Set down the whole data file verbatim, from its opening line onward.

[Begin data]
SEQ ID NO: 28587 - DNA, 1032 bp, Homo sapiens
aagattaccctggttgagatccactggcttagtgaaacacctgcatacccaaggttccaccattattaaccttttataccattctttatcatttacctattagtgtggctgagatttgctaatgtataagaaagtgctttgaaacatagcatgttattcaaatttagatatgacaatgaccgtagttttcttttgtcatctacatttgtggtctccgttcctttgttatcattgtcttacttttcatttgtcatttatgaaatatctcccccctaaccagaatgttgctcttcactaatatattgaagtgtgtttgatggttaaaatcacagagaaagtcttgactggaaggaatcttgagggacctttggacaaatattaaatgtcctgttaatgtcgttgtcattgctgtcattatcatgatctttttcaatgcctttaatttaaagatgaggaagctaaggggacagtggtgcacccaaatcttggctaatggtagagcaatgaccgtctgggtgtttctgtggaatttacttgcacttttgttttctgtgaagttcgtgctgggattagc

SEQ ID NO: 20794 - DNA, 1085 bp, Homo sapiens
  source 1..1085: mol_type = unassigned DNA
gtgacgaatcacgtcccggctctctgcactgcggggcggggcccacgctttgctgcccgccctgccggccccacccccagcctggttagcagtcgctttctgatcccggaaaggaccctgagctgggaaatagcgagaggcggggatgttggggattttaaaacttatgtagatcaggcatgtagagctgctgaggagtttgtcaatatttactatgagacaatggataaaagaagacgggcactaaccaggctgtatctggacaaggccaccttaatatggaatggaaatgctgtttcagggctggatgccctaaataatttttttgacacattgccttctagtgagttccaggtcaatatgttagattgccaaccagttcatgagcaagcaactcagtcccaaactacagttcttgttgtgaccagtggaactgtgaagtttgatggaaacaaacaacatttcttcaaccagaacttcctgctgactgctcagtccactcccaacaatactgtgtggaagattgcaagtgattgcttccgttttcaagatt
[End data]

SEQ ID NO: 28587 - DNA, 1032 bp, Homo sapiens
aagattaccctggttgagatccactggcttagtgaaacacctgcatacccaaggttccaccattattaaccttttataccattctttatcatttacctattagtgtggctgagatttgctaatgtataagaaagtgctttgaaacatagcatgttattcaaatttagatatgacaatgaccgtagttttcttttgtcatctacatttgtggtctccgttcctttgttatcattgtcttacttttcatttgtcatttatgaaatatctcccccctaaccagaatgttgctcttcactaatatattgaagtgtgtttgatggttaaaatcacagagaaagtcttgactggaaggaatcttgagggacctttggacaaatattaaatgtcctgttaatgtcgttgtcattgctgtcattatcatgatctttttcaatgcctttaatttaaagatgaggaagctaaggggacagtggtgcacccaaatcttggctaatggtagagcaatgaccgtctgggtgtttctgtggaatttacttgcacttttgttttctgtgaagttcgtgctgggattagc

SEQ ID NO: 20794 - DNA, 1085 bp, Homo sapiens
  source 1..1085: mol_type = unassigned DNA
gtgacgaatcacgtcccggctctctgcactgcggggcggggcccacgctttgctgcccgccctgccggccccacccccagcctggttagcagtcgctttctgatcccggaaaggaccctgagctgggaaatagcgagaggcggggatgttggggattttaaaacttatgtagatcaggcatgtagagctgctgaggagtttgtcaatatttactatgagacaatggataaaagaagacgggcactaaccaggctgtatctggacaaggccaccttaatatggaatggaaatgctgtttcagggctggatgccctaaataatttttttgacacattgccttctagtgagttccaggtcaatatgttagattgccaaccagttcatgagcaagcaactcagtcccaaactacagttcttgttgtgaccagtggaactgtgaagtttgatggaaacaaacaacatttcttcaaccagaacttcctgctgactgctcagtccactcccaacaatactgtgtggaagattgcaagtgattgcttccgttttcaagatt